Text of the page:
Honestly, if your church has an air of legalism about it, where the rules are crushing and the self-righteousness is repulsive, fresh birds from the nest are going to scurry for the hills. Teens have no palate for gross religiosity.

If, however, the free gospel of grace in Jesus is both preached and felt, life without it feels wrong. Our kids will crave it. How can they not? There’s nothing else like it!

For this reason, position your family in a church where the gospel is in the doctrine and in the culture. This takes precedence over location, music-style, or “but my friends go here!” This will make them yearn for a church in college like this too.

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5. Are your kids engaged in church?

I attended an Arkansas Razorback football game last season. Does that make me a Razorback? Of course not! In the same way, sitting in a chair every Sunday morning doesn’t make your student a Christian. Nor does it tether your kid to the local church.

However central Sunday morning worship is to your student, they need to serve, participate, and engage, too. Are your teens serving in children’s ministry? If you’re renting a space, are they helping set up? Are they active in the youth group? What’s the last mission trip they served on?

Here’s the truth: the more your kids are engaged in church, the more they are engaged with God, God’s people, and God’s mission. If your student can get the why of church—as opposed to, “It’s just that tradition we have for Sunday morning”—they’re more likely to engage in church in college once independent.

6. Do you prioritize your kids’ spiritual growth?

Often, students aren’t engaged in church (see #4 above) because of their busy schedules. Parents, this is something we need to deeply consider.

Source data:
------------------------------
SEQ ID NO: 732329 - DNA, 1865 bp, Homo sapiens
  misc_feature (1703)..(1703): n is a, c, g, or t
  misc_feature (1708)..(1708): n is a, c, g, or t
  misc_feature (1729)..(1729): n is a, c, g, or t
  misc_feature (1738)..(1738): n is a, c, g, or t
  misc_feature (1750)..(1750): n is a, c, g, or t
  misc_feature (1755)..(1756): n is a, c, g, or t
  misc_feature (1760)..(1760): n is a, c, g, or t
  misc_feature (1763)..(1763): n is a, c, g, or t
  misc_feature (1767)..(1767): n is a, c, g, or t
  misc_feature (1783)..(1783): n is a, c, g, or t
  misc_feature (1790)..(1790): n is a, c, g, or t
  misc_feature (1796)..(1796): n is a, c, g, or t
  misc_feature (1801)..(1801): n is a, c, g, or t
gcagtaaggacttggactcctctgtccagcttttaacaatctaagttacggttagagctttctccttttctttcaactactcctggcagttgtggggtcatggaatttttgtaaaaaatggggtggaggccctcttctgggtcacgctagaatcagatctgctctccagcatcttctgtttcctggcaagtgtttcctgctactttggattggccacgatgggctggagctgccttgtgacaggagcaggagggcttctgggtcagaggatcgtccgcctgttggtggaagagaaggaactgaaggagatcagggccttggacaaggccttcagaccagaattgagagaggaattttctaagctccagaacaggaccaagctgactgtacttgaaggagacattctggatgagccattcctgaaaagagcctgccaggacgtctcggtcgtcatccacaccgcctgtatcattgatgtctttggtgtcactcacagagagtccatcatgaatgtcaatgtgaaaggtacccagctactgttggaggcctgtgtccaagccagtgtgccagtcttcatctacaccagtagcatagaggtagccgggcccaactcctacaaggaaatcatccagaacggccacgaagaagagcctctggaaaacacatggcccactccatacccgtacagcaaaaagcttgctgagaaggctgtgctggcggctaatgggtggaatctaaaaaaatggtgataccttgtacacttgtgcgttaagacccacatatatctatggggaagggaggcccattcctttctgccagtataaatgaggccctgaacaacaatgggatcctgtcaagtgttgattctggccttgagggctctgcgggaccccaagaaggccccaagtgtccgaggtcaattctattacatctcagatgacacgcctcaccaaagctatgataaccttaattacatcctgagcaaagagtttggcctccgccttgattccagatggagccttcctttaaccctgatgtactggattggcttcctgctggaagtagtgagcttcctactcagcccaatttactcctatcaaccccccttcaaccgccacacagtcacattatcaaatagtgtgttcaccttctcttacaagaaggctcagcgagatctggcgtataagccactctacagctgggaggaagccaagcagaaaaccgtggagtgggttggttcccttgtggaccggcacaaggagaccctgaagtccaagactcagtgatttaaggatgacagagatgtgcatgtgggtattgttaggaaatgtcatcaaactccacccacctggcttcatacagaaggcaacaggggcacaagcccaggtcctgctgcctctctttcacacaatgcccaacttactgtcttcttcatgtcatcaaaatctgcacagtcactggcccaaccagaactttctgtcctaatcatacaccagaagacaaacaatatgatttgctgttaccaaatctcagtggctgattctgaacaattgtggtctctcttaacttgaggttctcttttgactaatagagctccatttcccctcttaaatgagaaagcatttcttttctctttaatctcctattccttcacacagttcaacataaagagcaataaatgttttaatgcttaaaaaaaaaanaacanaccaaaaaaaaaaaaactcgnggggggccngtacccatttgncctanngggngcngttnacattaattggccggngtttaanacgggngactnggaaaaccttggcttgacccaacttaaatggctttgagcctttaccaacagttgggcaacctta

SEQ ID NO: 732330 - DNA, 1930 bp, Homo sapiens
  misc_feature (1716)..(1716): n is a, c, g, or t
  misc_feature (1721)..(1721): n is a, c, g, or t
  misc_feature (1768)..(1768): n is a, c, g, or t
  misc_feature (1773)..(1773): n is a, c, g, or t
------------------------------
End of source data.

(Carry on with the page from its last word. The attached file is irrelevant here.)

The chief struggle for today’s youth pastors is that parents aren’t prioritizing their kids’ spiritual lives. I know, I know. This is coming from a youth pastor (hidden agenda, muhaha). But, truly, in my experience, the almighty college resume is bowed to over spiritual growth nine times out of ten.

Sorry, Justin, but Curtis will miss the next three zillion youth groups because of debate team. No, Madeline can’t do the Honduras trip this summer … she might make regionals in ballet!

I get it. I’m not trying to combat the world here. It’s always good things on the schedule. But with this model, why are we appalled at the statistics? Kids leave church because they don’t value it … because they weren’t taught to value it. Will you be different?

7. Are their big questions being answered?

Your kids do have big questions. Who am I? Where did I come from? Do I matter? What is my identity? How should I view others?

And someone is giving them answers. Is it you or the culture?

We, the church, must lean into the hairy questions rattling around in their heads. Let’s strive to create an environment where it’s safe to express doubts, fears, and questions. Faith rots when doubts and questions are kept silent.

Parents, start now. Ask them what they are asking. If they stump you, go study up and come back. You aren’t the Bible Wizard. But you are the caring parent, tenderly hushing the chaos inherent to growing up in a fallen world.

Read through these questions. Pray fervently as you do. Consider your lifestyle, their lifestyle, and take a step today. With His gracious help, all the hope in the world is yours for the taking.

 


Copyright © 2019 Justin Talbert. All rights reserved.

Justin serves as the student pastor at Christ Community Church in Little Rock, Arkansas. He has a Biblical Studies degree from Belmont University and an MDiv from Covenant Theological Seminary. He and his wife, May, have three sons: Soren, Aksel, and Isen. Find him on instagram: @justintalbert.